[Embarq] Anything the customer can do to speed up DSL?
My family has a rural vacation home a few miles outside DeFuniak Springs, FL. Several years ago the local telco, CenturyLink/Embarq, extended their DSL service to the area, with the understanding that it wasn't going to be super-fast. (The local cable TV does not make it this far out of town.) What they offer is 1.5 Mbps service but what we really get is somewhat below 1 Mbps. Some of my family are interested in using a SlingBox so we can drop the expensive satellite TV service. My tests streaming TV over that ~1 Mbps DSL are mixed. It works but some shows have frequent pauses to catch up loading.
In general, is there anything the customer can do to speed up a DSL slow connection? I understand that the major factor limiting speed is the length and quality of the phone lines between the DSLAM and the modem. I was just wondering if some modems might be better than others?
When someone moves way out in the sticks they can't expect to still have the same advantages as city dwellers such as fast internet. There's really nothing a customer can do to improve the 50 year old voice grade phone lines to make the DSL faster except move closer to town. You might be able to speed it up slightly if the house wiring is a problem slowing it down though. Check the modem's status page and see if it's connected at the full speed rate of 1500kbps or slightly faster. If it's slower than that you could have a problem that can be fixed. Take your modem outside and connect it directly to the box where the phone line comes down into your yard and check the speed there. If it's faster out there you should install a new wire from the box directly into the house to where the modem is. In general newer modems work better than old ones. If they have one so old that it doesn't have 802.11N and WPA2 security I would get a new one or maybe just update the firmware in the old one to bring it up to date.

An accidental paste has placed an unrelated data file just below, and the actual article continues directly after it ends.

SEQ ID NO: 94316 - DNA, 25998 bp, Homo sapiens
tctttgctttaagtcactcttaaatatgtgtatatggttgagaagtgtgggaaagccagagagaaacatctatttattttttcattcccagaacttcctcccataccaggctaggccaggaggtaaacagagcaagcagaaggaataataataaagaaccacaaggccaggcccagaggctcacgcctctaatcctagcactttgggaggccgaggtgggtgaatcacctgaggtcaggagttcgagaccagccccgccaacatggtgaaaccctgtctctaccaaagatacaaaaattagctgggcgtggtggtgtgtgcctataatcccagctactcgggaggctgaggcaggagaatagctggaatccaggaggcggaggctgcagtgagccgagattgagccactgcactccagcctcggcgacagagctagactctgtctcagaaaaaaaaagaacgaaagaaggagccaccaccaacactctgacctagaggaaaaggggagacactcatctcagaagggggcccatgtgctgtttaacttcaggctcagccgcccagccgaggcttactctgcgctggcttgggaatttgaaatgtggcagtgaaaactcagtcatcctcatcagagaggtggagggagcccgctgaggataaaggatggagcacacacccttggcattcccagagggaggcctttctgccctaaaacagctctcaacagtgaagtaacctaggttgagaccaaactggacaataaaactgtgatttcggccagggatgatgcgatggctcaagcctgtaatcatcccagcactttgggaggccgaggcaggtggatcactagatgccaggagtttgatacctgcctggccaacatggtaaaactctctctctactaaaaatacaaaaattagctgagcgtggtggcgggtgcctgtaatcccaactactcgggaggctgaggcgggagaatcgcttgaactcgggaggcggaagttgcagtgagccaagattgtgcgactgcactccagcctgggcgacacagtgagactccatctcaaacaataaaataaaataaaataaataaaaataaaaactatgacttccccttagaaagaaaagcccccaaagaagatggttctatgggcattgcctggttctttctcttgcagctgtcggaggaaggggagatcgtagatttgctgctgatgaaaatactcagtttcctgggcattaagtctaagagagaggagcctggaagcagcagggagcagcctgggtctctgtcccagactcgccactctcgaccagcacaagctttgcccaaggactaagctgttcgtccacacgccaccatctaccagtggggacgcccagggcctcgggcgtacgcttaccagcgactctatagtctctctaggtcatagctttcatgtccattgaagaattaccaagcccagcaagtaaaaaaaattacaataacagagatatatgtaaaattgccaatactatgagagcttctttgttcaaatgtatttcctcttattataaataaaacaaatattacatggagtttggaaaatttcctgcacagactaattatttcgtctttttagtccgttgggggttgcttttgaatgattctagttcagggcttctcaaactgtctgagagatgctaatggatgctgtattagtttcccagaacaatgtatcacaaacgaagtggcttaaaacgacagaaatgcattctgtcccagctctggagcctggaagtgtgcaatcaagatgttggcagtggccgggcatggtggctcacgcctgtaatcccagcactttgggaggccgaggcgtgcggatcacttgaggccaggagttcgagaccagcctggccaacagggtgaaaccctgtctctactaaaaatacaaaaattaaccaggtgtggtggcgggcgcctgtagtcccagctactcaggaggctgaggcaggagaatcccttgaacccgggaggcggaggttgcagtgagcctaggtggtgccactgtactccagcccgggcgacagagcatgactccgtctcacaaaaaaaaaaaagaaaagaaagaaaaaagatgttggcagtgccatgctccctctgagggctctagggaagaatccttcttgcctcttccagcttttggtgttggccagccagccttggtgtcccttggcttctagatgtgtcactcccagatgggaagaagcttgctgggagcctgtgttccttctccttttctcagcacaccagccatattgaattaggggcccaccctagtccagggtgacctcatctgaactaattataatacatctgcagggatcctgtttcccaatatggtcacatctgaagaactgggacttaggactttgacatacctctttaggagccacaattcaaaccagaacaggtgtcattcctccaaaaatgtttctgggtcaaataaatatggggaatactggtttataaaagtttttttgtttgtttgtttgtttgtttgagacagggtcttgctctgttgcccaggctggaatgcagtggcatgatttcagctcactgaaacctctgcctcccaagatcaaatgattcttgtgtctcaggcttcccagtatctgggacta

Thanks Steve. The house is about 20-25 years old and I do understand the issue of being out in the sticks and the number of feet of copper between the modem and DSLAM. The modem is only a few years old. I'll try some of the things you suggest to see if they help.
I did ask the cable company if they'd look at extending their service a couple miles farther down the road where we could get it. They did an analysis that showed it was not cost-effective for them. So, at this point our choices are limited.
Start a new housing development around you made up of expensive homes for the rich and maybe call it New Scottsdale or something like that. When upscale home owners with lots of disposable income start moving in you'll have cable, phone and internet companies pounding on your door wanting to get access!
|reply to DRNewcomb |
How far away from the DSLAM are you?
What are the signal readings within your DSL modem?
It could be that your DSLAM is fed by T1s and that your speed is a result of the limitation of the data lines being fed to the DSLAM, and not your distance to the DSLAM.
Toby, I don't know. The vacation house is about 5 miles out of town. I'll have to check the modem readings next time I go there and report back. There's nothing running at that end that would allow me to tunnel in and look at the modem from home.
Honestly, from my experiences with SlingBox (i have one on my satellite box so i can use DVR when i'm away), the picture quality is not that great and will pause unless you have at least 2Mbps or so bandwidth available.